THE little knowledge I have of the Domestic Violence Bill came from reading newspapers and the discussion on ZTV programme Face the Nation on October 19.
My concerns are of a kind of forward-looking and general nature giv
en that I have not had the privilege of reading the Bill.
It’s unfortunate that this Bill will sail through parliament and the senate — and like many others before it — bind us all whether we participated in its drafting or not.
The first step with a Bill like this one should have been to publicise it and have MPs or some such relevant committee moving around the 120 constituencies soliciting for comments from members of the public.
Remember the discussion for a new constitution when even high schools were visited?
That is perhaps the only time when parliament/government, through the Constitutional Commission, went out to hear people’s views.
Our legislature could learn a thing or two from neighbouring South Africa. “Marriage Bill fires up all and sundry”, (Sunday Times, October 1), detailed how consultations on the proposed legislation on marriage in South Africa were conducted.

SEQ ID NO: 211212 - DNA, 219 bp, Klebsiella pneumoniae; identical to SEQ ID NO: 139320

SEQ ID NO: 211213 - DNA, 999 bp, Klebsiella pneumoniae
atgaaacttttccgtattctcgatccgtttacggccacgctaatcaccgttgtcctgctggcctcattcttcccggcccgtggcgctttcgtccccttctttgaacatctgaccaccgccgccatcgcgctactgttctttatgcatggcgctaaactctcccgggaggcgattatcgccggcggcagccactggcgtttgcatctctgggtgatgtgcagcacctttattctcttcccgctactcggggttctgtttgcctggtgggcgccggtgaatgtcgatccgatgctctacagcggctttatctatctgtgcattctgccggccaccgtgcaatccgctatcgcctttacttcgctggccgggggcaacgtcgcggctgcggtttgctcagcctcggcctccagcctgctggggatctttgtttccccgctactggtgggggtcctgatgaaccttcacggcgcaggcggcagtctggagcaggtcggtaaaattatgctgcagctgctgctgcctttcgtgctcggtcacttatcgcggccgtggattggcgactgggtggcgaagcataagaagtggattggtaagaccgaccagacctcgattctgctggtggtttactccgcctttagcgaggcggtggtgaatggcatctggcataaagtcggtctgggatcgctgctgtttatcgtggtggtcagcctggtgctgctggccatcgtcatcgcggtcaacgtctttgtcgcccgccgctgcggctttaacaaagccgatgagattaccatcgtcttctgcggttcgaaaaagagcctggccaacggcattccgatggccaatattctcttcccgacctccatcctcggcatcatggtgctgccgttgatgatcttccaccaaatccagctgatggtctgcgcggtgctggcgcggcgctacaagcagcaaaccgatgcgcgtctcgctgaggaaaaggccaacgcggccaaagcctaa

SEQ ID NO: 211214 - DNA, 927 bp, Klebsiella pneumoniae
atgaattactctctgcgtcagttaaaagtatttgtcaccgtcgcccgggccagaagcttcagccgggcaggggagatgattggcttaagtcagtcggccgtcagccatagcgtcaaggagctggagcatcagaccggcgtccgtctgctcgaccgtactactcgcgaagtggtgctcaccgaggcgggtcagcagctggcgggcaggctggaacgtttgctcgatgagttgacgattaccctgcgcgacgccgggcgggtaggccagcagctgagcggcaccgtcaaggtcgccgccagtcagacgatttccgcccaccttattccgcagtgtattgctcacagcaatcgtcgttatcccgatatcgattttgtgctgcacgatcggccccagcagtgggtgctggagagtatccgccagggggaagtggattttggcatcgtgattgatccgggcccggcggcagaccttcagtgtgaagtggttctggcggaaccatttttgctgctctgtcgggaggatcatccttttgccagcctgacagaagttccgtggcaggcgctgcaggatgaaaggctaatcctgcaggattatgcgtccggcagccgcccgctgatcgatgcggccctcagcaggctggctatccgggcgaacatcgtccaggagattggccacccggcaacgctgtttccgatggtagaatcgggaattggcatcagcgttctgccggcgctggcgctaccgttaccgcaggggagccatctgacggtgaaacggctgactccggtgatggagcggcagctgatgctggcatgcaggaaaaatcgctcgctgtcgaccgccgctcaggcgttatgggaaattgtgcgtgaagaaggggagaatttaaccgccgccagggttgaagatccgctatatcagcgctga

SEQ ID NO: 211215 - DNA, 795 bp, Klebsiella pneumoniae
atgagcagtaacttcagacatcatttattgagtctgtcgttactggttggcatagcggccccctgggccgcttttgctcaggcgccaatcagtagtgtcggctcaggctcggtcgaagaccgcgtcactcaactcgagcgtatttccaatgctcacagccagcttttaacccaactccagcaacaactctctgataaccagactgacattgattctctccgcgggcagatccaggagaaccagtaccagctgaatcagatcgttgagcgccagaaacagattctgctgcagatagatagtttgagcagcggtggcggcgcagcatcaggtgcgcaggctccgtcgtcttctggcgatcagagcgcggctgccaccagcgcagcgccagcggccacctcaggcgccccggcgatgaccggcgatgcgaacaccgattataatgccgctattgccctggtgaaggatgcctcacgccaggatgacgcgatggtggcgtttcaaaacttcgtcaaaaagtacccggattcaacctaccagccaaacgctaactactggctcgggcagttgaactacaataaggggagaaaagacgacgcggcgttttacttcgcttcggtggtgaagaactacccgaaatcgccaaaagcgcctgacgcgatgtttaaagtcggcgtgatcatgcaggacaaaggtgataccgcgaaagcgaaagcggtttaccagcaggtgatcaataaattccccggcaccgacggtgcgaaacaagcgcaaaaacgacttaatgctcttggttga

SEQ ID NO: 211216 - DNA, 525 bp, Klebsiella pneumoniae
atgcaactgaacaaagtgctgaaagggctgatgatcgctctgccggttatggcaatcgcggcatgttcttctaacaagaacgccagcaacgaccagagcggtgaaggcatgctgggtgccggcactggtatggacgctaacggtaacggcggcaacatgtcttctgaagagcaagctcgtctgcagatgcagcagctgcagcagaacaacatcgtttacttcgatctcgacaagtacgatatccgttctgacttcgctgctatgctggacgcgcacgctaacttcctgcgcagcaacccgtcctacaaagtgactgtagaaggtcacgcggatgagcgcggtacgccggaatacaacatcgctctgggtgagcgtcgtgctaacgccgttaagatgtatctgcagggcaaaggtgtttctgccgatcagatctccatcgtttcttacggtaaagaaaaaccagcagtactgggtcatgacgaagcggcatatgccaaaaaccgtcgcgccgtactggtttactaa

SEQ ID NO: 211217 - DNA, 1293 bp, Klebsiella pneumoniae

As Justice minister Patrick Chinamasa rightly observed on the ZTV programme, many people do not really know what the Bill is all about.
That probably explains why a majority of the callers could not pin-point their gripe with it.
The minister also skirted a question from the presenter when he asked something about what platform was in place for the general public to comment on the Bill.
Given the stage at which the Bill is now at, it does not seem to serve any purpose that members of the public are asked to comment.
The minister said the Bill has been under discussion for the past 10 years.
I am one person who watches the news and reads the newspapers almost on a daily basis.
How I missed advertisements or whatever it was with regards to this Bill for the past 10 years is a mystery.
The first time I heard about thisBill was when it was already in parliament.
Blessed are the women’s organisations who the minister claims had a chance to contribute to the Bill — not the women I know from home, work and church.
Could it be that they were all not interested or too unintelligent to notice and participate?
It’s a pity that most of the organisations are headed by single women (no offence meant, just an observation) who unless they were once married (in which case, barring death of their husbands,
their experiences of married life were most likely unpleasant), their practical experience of family life dates back to when they were minors.